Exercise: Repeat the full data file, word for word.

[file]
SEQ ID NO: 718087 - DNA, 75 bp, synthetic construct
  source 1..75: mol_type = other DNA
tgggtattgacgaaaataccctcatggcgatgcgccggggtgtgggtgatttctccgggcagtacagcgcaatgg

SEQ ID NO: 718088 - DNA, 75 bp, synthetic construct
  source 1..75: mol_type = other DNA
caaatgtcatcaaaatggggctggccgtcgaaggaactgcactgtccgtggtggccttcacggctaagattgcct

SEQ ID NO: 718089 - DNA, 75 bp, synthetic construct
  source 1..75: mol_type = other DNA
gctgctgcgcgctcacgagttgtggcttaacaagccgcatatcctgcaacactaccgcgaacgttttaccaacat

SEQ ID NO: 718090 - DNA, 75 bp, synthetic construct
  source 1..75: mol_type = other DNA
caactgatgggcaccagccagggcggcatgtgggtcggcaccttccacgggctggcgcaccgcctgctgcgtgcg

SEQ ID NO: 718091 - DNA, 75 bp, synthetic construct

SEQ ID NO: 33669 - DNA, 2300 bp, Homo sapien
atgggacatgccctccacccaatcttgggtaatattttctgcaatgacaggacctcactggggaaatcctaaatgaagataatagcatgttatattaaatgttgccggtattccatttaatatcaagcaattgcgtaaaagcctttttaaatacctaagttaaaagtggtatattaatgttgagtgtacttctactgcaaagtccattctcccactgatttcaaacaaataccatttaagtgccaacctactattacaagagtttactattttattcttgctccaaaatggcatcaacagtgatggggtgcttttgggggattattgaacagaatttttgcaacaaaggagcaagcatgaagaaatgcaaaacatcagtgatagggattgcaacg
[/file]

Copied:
SEQ ID NO: 718087 - DNA, 75 bp, synthetic construct
  source 1..75: mol_type = other DNA
tgggtattgacgaaaataccctcatggcgatgcgccggggtgtgggtgatttctccgggcagtacagcgcaatgg

SEQ ID NO: 718088 - DNA, 75 bp, synthetic construct
  source 1..75: mol_type = other DNA
caaatgtcatcaaaatggggctggccgtcgaaggaactgcactgtccgtggtggccttcacggctaagattgcct

SEQ ID NO: 718089 - DNA, 75 bp, synthetic construct
  source 1..75: mol_type = other DNA
gctgctgcgcgctcacgagttgtggcttaacaagccgcatatcctgcaacactaccgcgaacgttttaccaacat

SEQ ID NO: 718090 - DNA, 75 bp, synthetic construct
  source 1..75: mol_type = other DNA
caactgatgggcaccagccagggcggcatgtgggtcggcaccttccacgggctggcgcaccgcctgctgcgtgcg

SEQ ID NO: 718091 - DNA, 75 bp, synthetic construct

SEQ ID NO: 33669 - DNA, 2300 bp, Homo sapien
atgggacatgccctccacccaatcttgggtaatattttctgcaatgacaggacctcactggggaaatcctaaatgaagataatagcatgttatattaaatgttgccggtattccatttaatatcaagcaattgcgtaaaagcctttttaaatacctaagttaaaagtggtatattaatgttgagtgtacttctactgcaaagtccattctcccactgatttcaaacaaataccatttaagtgccaacctactattacaagagtttactattttattcttgctccaaaatggcatcaacagtgatggggtgcttttgggggattattgaacagaatttttgcaacaaaggagcaagcatgaagaaatgcaaaacatcagtgatagggattgcaacg